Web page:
Humanity defined: the quality of being human. Some features that differentiate men from animals: Speech, dignity, reasoning, degree of intelligence and skills, civilization, good grooming hair styles, dressing etc. Scenario: have ever a monkey give birth to a baby and throw it into a ditch? Etc. Insults foolish, useless, waste etc. Things that affect human dignity: a. Taking life murder, abortion b. Maltreatment of old people as witches/wizards, maids, wives, slavery, child labour/abuse (incest, rape, defilement of the religious and lay alike etc.) prayer camps and healing centres who beat, chain and molest innocent people in the name of healing( anointing peoples private parts etc.), the disable. c. Outdated cultural practices widowhood rites and rites of passage e.g. FGM. d. Personal comportment bleaching, armed robbery, prostitution, substance abuse, indecent dressing e. Employers demand sex for employment, law enforcers who strip suspects naked, torture them Traditionally, there have been four sources to which theorists have referred: a. divine authority; b. natural law; c. intuition (that human rights are self-evident); d. ratification of international instruments. Human rights do rely on the idea of human dignity which can also be found in various cultural and religious traditions. Thus, although human rights do not derive immediately from religious traditions, they are not alien to those traditions that have recognized the idea of human dignity. Hence, with reference to human dignity, a critical reconciliation between competing requirements of particular religious traditions and modern international human rights standards might be conceivable. (Bielefeldt 1995: 601) There is also a striking cross-cultural consensus on many values that today we seek to protect through human rights, especially when those values are expressed in relatively general terms. Life, social order, the family, protection from arbitrarily rule, prohibition of inhuman and degrading treatment, the guarantee of a place in a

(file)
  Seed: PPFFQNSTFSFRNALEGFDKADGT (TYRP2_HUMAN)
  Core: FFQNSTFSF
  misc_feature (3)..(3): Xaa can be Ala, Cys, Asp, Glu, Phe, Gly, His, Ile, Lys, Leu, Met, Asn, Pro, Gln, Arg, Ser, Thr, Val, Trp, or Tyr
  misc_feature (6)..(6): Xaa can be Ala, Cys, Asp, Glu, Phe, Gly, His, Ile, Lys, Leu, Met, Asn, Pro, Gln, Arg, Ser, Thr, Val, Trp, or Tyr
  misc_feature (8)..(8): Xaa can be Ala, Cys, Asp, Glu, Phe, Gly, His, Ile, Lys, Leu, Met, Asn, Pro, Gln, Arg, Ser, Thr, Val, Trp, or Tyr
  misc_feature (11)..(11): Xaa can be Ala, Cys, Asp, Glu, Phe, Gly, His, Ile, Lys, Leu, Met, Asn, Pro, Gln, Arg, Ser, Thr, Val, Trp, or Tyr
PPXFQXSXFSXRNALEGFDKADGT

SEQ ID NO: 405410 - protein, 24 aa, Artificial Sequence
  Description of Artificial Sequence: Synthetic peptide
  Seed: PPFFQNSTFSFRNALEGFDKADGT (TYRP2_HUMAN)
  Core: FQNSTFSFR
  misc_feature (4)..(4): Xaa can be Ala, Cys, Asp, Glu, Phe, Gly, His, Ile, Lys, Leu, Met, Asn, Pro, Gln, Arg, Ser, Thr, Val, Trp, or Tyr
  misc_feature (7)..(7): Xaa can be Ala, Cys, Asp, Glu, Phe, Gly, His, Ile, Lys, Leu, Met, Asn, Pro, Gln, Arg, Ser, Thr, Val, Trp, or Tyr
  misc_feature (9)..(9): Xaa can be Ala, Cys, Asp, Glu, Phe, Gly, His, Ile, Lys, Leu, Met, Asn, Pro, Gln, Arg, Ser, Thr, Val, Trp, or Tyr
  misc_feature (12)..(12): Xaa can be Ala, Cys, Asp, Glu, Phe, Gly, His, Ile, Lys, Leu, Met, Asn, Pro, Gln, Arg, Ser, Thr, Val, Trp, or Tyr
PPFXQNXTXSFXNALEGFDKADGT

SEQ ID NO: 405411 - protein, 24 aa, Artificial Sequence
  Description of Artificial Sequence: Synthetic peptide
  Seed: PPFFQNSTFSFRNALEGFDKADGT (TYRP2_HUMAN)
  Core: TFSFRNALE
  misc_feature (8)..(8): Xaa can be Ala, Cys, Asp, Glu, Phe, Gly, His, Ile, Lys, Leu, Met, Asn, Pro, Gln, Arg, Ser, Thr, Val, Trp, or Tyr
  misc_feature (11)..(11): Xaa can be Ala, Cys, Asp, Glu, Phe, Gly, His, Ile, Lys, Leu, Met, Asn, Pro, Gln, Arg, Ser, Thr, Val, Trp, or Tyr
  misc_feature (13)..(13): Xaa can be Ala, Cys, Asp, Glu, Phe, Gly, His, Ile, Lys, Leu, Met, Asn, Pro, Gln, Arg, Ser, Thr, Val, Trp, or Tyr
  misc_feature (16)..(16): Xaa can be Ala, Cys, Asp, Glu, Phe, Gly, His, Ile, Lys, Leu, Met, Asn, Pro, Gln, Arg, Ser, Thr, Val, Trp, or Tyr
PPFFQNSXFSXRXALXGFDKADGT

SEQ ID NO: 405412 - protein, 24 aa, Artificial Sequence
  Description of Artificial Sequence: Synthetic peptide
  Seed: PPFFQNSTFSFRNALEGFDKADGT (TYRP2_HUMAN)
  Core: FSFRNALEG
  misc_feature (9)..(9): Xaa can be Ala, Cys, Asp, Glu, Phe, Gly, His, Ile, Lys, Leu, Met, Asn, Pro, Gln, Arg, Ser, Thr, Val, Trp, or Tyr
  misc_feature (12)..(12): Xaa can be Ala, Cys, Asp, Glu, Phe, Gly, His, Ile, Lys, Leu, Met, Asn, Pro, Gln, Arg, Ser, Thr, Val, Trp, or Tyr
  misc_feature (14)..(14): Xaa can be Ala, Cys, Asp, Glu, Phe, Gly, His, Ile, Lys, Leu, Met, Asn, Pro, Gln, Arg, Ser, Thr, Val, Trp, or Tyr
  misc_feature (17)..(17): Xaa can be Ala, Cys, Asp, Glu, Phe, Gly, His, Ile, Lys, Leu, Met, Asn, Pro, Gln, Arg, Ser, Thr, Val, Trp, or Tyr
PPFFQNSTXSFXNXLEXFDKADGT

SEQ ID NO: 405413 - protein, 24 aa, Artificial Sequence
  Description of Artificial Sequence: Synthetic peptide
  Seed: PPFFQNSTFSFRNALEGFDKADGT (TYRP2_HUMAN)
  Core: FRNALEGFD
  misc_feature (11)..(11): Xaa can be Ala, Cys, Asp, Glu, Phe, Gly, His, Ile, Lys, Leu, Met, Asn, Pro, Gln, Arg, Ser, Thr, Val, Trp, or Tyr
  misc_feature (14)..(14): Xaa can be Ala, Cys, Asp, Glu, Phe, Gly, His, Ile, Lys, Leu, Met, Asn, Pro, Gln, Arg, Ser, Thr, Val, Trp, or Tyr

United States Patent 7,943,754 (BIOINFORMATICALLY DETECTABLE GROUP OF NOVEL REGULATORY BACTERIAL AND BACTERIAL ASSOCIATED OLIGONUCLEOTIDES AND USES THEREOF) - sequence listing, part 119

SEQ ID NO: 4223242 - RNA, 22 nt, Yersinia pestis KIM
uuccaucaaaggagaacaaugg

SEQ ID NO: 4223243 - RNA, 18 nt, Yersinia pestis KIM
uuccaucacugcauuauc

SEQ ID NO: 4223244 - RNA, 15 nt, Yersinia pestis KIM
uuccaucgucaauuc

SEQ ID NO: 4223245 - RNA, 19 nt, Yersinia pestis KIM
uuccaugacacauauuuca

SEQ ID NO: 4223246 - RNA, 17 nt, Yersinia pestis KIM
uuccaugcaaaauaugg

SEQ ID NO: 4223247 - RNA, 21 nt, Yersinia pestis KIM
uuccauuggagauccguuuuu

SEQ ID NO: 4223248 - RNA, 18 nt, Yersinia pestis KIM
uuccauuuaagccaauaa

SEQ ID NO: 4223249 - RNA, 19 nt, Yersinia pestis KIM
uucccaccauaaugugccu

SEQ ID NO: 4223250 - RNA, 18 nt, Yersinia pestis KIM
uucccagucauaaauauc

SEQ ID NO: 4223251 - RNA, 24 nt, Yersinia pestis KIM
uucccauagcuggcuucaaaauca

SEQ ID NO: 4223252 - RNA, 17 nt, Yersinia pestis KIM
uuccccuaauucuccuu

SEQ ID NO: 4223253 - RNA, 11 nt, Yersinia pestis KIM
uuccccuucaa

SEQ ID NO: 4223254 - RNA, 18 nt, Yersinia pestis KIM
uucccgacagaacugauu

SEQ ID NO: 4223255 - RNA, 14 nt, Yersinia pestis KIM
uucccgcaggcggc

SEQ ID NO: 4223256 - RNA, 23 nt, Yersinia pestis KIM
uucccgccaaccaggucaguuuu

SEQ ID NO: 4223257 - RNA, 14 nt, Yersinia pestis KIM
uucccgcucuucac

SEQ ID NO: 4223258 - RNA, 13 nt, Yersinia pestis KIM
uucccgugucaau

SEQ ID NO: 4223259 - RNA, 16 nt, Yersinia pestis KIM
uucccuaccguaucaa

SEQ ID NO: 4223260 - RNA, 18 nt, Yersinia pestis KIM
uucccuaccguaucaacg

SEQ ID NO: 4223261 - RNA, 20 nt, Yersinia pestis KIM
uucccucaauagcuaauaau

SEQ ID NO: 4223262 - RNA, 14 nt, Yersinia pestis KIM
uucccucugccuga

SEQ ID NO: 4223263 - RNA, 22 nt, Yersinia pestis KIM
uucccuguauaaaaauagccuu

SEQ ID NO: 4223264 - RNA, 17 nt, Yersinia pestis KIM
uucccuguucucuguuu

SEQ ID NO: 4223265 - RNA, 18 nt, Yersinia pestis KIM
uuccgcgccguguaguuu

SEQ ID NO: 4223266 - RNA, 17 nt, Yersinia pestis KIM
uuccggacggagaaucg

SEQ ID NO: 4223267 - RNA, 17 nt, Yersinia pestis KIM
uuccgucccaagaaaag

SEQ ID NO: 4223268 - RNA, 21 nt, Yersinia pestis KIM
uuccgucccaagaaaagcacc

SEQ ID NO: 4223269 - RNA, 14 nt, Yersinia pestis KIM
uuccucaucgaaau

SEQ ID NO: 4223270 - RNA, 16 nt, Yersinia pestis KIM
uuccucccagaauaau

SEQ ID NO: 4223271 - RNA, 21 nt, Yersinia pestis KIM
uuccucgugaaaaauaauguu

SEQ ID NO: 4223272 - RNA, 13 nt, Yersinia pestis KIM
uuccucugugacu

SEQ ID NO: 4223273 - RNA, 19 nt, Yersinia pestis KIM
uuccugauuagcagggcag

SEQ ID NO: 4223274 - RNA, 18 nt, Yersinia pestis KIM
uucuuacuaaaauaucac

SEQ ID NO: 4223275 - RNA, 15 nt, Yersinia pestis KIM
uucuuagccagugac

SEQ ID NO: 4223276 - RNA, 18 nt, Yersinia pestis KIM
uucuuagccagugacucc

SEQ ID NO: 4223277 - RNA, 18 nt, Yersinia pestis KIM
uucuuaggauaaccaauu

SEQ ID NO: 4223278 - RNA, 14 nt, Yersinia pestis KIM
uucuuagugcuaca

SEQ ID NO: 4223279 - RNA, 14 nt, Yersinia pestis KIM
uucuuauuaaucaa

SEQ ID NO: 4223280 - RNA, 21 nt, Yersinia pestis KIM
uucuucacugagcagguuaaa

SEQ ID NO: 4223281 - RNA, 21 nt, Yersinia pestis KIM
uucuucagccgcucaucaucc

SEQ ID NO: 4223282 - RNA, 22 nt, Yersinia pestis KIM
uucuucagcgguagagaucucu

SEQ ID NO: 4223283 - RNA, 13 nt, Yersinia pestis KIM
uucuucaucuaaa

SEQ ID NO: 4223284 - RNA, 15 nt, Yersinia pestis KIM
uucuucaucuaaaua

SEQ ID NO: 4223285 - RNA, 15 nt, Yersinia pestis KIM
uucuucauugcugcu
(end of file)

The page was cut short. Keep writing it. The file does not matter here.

life of the community and access to an equitable share of the means of subsistence are certain moral aspirations in nearly all cultures. Authentic traditional cultural practices and values can be an important check on abuses of arbitrary power. It can be illustrated as follows: a. rights to life, liberty, and security of the person; the guarantee of legal personality; and protection against slavery, arbitrary arrest, detention, or exile, and inhuman or degrading treatment are so clearly connected to basic cross-cultural requirements of human dignity, and restated in sufficiently general terms, that any morally defensible contemporary form of social organization must recognize them (although perhaps not necessarily as inalienable rights). b. civil rights such as freedom of conscience, speech, and association may be a bit more relative. Because they assume the existence and positive evaluation of relatively autonomous individuals, they may be questionable applicability in strong, thriving traditional communities. In such communities, however, they would rarely be at issue. If traditional practices truly are based on and protect culturally accepted conceptions of human dignity, then members of such a community simply will not have the desire or need to claim such civil rights. (Donnelly 1993: 112-113; 121-123) . John Peek lists the following rights as in keeping with human dignity: a. freedom to select government; b. right to petition the government for a redress of grievances, and to receive just compensation; c. freedom from cruel and unusual punishment such as torture, the death penalty, and inhuman treatment; d. right to equal and fair treatment under the law; e. freedom of religion and conscience; f. freedom from discrimination on the basis of race, creed, economic class or gender; g. right to education; h. right to work and receive just compensation including health care; i. freedom from want for those unable to work through social security programs; j. right to a clean environment.